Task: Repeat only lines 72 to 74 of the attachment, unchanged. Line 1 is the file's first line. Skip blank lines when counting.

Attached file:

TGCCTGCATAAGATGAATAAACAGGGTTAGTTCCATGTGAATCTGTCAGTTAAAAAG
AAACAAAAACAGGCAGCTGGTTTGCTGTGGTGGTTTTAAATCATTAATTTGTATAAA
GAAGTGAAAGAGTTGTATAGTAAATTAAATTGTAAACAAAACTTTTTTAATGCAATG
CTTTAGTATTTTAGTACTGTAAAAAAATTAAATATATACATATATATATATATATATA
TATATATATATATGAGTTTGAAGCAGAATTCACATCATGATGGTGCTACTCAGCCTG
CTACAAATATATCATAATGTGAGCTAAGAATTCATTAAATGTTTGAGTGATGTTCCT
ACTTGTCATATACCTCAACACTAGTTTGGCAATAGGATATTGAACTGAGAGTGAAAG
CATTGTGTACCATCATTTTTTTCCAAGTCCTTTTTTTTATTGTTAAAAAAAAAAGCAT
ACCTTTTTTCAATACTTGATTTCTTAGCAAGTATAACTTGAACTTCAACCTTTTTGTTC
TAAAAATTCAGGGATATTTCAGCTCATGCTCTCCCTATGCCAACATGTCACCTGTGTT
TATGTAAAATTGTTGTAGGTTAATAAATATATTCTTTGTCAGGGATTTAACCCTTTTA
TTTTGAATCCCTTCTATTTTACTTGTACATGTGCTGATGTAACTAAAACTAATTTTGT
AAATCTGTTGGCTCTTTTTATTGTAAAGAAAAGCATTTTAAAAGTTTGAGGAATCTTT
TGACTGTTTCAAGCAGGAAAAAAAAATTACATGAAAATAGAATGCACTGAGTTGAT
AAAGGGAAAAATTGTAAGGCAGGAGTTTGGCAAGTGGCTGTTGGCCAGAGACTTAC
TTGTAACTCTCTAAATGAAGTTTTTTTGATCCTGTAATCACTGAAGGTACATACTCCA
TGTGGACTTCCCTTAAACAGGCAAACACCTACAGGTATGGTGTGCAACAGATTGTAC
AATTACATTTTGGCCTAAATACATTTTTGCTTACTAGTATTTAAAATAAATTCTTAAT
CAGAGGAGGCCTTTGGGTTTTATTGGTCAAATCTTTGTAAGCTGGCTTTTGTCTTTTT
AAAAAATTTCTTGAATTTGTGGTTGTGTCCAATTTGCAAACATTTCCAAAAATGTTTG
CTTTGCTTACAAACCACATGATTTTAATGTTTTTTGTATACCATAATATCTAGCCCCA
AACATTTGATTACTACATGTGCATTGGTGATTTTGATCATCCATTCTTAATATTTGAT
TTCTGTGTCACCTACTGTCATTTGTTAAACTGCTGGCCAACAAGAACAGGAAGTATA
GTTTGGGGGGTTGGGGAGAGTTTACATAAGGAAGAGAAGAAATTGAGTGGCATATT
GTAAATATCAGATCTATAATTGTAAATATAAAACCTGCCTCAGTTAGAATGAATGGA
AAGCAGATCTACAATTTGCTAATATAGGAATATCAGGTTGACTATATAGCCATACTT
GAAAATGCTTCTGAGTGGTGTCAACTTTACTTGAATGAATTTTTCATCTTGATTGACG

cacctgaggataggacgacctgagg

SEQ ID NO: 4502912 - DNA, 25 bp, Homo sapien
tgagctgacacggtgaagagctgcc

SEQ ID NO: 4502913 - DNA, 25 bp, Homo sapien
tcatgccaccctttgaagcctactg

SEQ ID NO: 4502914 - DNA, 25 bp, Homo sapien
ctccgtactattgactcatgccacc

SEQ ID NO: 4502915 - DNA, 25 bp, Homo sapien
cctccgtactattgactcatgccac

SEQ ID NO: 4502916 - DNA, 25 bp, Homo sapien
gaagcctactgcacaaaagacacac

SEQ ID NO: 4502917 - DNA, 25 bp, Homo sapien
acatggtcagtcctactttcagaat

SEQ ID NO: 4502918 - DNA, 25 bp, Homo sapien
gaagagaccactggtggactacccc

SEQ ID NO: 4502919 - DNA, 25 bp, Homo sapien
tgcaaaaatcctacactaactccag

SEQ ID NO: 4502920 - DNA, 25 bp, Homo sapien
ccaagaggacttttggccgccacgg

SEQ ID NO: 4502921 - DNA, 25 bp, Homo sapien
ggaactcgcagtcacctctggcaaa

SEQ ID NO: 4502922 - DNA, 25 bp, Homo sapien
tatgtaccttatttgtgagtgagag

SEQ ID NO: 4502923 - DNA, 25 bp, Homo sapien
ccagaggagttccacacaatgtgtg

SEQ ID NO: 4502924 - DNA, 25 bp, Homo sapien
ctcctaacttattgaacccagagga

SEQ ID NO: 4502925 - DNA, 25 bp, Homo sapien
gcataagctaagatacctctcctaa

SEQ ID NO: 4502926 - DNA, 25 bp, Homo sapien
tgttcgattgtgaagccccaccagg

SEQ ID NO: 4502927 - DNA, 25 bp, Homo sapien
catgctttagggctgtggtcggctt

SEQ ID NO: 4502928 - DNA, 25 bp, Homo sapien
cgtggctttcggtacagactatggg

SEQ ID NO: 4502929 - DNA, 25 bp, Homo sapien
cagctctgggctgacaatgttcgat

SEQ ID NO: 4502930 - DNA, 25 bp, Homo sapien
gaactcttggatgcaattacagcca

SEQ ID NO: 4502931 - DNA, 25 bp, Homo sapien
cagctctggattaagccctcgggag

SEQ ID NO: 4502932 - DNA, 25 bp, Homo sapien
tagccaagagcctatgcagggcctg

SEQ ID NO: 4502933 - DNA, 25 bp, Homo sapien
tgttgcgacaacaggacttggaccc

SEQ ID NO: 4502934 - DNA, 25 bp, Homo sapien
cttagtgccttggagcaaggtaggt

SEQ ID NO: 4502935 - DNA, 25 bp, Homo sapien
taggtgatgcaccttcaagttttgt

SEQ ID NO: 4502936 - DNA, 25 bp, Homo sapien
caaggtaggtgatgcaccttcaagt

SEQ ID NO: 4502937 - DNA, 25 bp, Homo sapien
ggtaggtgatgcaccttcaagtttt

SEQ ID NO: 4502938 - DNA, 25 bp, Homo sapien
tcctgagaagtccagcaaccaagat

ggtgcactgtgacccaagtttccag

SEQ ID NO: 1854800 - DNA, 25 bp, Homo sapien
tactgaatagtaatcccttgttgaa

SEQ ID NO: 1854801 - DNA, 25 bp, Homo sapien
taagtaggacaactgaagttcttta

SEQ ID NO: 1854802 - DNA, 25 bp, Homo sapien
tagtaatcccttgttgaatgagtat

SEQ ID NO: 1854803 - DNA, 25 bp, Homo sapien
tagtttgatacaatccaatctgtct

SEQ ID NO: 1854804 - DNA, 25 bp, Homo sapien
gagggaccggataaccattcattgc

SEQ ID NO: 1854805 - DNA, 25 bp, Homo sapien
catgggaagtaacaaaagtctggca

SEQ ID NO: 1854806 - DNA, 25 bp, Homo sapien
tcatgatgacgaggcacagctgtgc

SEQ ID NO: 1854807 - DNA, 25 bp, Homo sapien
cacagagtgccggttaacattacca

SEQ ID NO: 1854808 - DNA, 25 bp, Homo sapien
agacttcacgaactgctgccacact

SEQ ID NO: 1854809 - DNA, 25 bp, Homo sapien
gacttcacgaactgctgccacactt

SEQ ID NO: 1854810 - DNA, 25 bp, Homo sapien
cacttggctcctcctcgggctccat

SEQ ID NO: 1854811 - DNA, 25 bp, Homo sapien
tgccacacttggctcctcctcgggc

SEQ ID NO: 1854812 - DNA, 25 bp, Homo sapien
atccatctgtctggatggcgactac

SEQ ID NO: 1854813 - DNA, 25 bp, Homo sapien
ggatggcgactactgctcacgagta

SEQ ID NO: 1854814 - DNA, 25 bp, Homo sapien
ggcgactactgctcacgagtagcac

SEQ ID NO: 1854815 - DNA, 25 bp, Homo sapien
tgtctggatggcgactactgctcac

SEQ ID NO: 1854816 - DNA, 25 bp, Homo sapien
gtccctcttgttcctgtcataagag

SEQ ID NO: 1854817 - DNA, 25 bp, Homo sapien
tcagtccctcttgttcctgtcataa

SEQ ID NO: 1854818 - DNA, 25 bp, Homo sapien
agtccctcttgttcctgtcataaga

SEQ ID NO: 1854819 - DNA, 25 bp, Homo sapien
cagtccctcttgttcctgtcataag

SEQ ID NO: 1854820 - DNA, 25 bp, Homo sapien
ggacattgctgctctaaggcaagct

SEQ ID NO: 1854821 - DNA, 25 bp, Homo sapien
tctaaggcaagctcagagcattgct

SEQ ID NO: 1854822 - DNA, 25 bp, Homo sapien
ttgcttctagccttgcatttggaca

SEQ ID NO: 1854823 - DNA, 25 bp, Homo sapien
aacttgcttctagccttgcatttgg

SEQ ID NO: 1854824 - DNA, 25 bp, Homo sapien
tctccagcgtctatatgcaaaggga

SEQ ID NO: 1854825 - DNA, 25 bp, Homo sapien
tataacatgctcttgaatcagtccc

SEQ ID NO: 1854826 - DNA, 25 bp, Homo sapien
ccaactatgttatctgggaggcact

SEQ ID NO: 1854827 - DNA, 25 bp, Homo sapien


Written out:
tgttgcgacaacaggacttggaccc

SEQ ID NO: 4502934 - DNA, 25 bp, Homo sapien
cttagtgccttggagcaaggtaggt